Patronage of Art and Learning
Charlemagne is primarily remembered as a warrior king and great military leader but he was also a major patron of art and learning. He made Aachen the capital of his empire and put a lot of effort to beautify his court at Aachen, while the Byzantine influence that can be still seen in the Palace Chapel of Aachen reveals his attempt to equalize himself with the Byzantine Emperor. But even of greatest importance were the scholars and scribes from all over Europe that made Charlemagne’s court the intellectual center of the Carolingian Empire and initiated the intellectual and cultural revival - the Carolingian Renaissance. Charlemagne’s main purpose of his support to learning was to train the clergy to unify the Christian faith throughout his empire as well as to undertake administrative tasks as he also used the Church as an instrument of government through its network of bishops. According to Einhard (c. 770-840) who wrote biography of Charlemagne – Vita Karoli Magni (Life of Charlemagne), Charlemagne studied himself and practiced writing in his bed but he also noted that he started learning too late in life and achieved little success. Eihhard also reports that Charlemagne spoke fluent Latin and studied Greek.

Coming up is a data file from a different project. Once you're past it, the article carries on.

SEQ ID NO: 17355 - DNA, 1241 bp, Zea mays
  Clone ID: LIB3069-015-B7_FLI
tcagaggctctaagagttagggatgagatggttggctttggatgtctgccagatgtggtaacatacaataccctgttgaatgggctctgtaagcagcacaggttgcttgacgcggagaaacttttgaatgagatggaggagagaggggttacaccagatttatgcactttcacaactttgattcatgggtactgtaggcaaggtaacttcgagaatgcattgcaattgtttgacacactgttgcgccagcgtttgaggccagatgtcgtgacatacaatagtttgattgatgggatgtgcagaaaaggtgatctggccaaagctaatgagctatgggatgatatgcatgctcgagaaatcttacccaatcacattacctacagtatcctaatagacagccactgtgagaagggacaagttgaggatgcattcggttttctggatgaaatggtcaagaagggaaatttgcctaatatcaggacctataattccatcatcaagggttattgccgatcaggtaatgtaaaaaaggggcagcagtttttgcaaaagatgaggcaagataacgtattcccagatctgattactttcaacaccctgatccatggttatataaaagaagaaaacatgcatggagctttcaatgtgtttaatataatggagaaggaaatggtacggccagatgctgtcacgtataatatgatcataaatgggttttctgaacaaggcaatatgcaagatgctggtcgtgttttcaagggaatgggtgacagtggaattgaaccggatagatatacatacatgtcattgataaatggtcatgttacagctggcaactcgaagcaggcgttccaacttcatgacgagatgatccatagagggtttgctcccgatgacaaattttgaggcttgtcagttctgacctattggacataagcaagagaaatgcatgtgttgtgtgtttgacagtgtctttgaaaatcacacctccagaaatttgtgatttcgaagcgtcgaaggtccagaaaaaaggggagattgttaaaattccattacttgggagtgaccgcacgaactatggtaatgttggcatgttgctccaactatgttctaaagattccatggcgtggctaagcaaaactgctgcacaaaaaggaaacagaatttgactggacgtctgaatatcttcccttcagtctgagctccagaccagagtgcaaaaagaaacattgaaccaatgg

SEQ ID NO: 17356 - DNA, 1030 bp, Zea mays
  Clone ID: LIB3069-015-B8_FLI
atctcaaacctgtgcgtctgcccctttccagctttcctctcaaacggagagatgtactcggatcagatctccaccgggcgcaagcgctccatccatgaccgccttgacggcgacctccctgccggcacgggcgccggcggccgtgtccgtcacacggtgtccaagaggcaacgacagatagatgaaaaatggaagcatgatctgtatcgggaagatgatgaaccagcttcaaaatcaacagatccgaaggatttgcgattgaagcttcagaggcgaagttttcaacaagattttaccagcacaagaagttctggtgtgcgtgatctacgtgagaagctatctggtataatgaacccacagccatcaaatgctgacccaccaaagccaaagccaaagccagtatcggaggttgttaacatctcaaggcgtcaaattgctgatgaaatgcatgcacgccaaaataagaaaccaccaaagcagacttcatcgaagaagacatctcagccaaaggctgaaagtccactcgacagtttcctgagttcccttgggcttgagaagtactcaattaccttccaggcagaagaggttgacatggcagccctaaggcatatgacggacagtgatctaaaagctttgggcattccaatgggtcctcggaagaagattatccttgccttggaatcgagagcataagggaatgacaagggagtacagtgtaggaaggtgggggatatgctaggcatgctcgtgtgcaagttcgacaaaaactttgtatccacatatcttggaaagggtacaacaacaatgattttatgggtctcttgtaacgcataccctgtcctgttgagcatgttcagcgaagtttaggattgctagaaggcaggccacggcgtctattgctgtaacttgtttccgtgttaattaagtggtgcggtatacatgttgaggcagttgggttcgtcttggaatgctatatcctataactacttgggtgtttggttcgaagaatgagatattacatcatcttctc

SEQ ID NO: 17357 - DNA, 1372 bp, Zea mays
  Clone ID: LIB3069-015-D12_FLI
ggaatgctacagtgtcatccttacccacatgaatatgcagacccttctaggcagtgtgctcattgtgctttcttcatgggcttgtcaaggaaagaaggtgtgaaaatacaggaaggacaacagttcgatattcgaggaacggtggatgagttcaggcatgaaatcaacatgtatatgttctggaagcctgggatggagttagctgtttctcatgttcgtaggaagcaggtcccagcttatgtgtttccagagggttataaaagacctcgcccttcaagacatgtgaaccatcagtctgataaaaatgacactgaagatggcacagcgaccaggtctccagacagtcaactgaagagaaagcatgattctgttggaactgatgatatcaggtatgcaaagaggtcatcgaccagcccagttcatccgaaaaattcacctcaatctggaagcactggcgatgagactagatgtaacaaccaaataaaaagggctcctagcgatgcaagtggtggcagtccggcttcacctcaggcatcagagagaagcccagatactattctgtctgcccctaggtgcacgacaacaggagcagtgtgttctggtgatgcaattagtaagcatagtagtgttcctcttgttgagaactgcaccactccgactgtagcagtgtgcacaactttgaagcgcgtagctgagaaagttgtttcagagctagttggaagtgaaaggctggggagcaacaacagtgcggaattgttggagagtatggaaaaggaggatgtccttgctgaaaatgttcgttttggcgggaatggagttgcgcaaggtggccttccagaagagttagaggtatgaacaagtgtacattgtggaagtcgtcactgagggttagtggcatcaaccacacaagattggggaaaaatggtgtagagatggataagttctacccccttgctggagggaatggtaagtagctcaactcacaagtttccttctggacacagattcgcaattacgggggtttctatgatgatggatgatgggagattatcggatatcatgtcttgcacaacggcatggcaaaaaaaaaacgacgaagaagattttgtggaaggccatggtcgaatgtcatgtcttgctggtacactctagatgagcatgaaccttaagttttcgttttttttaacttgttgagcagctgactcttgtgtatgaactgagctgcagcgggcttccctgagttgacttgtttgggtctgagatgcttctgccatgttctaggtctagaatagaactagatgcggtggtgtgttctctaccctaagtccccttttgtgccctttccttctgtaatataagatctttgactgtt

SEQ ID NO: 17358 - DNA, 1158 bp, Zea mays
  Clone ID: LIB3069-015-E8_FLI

Offspring and Successors
Like his predecessors, Charlemagne divided his empire among his three sons from his second marriage to Hildegard (he remarried twice after her death in 783 but neither the third nor the fourth wife bore him sons) in 806. However, outlived his eldest sons Pepin of Italy and Charles the Younger who died in 810 and 811, respectively, and therefore he had his youngest son Pepin the Pious crowned as co-emperor in 813 leaving him the entire empire except for Italy that was granted to Pepin’s illegitimate son Bernard. Charlemagne had several illegitimate children himself including three sons but they were excluded from the inheritance as well as his daughters whom he even forbid to marry. He seemed to tolerate extramarital relationships as two of his daughters had illegitimate children.
Appearance and Character
Charlemagne soon became a legend and was idealized throughout the Middle Ages. However, his empire was held together primarily by his personality and perhaps also his appearance. Einhard, author of the first Charlemagne biography reports that he was 7 feet tall (2,13 meters). The opening of his tomb in the mid-19th century has shown that he was 6 feet 3 ½ inches (1,92 meter) tall which is still way above the average that was at the time 5 ½ feet (1,69 meter) for men. He was very generous and jovial to his friends yet very cruel towards his enemies. During the Saxon Wars he allegedly ordered beheading of 4,500 Saxons known as the Massacre of Verden for practicing paganism and as a punishment for revolt.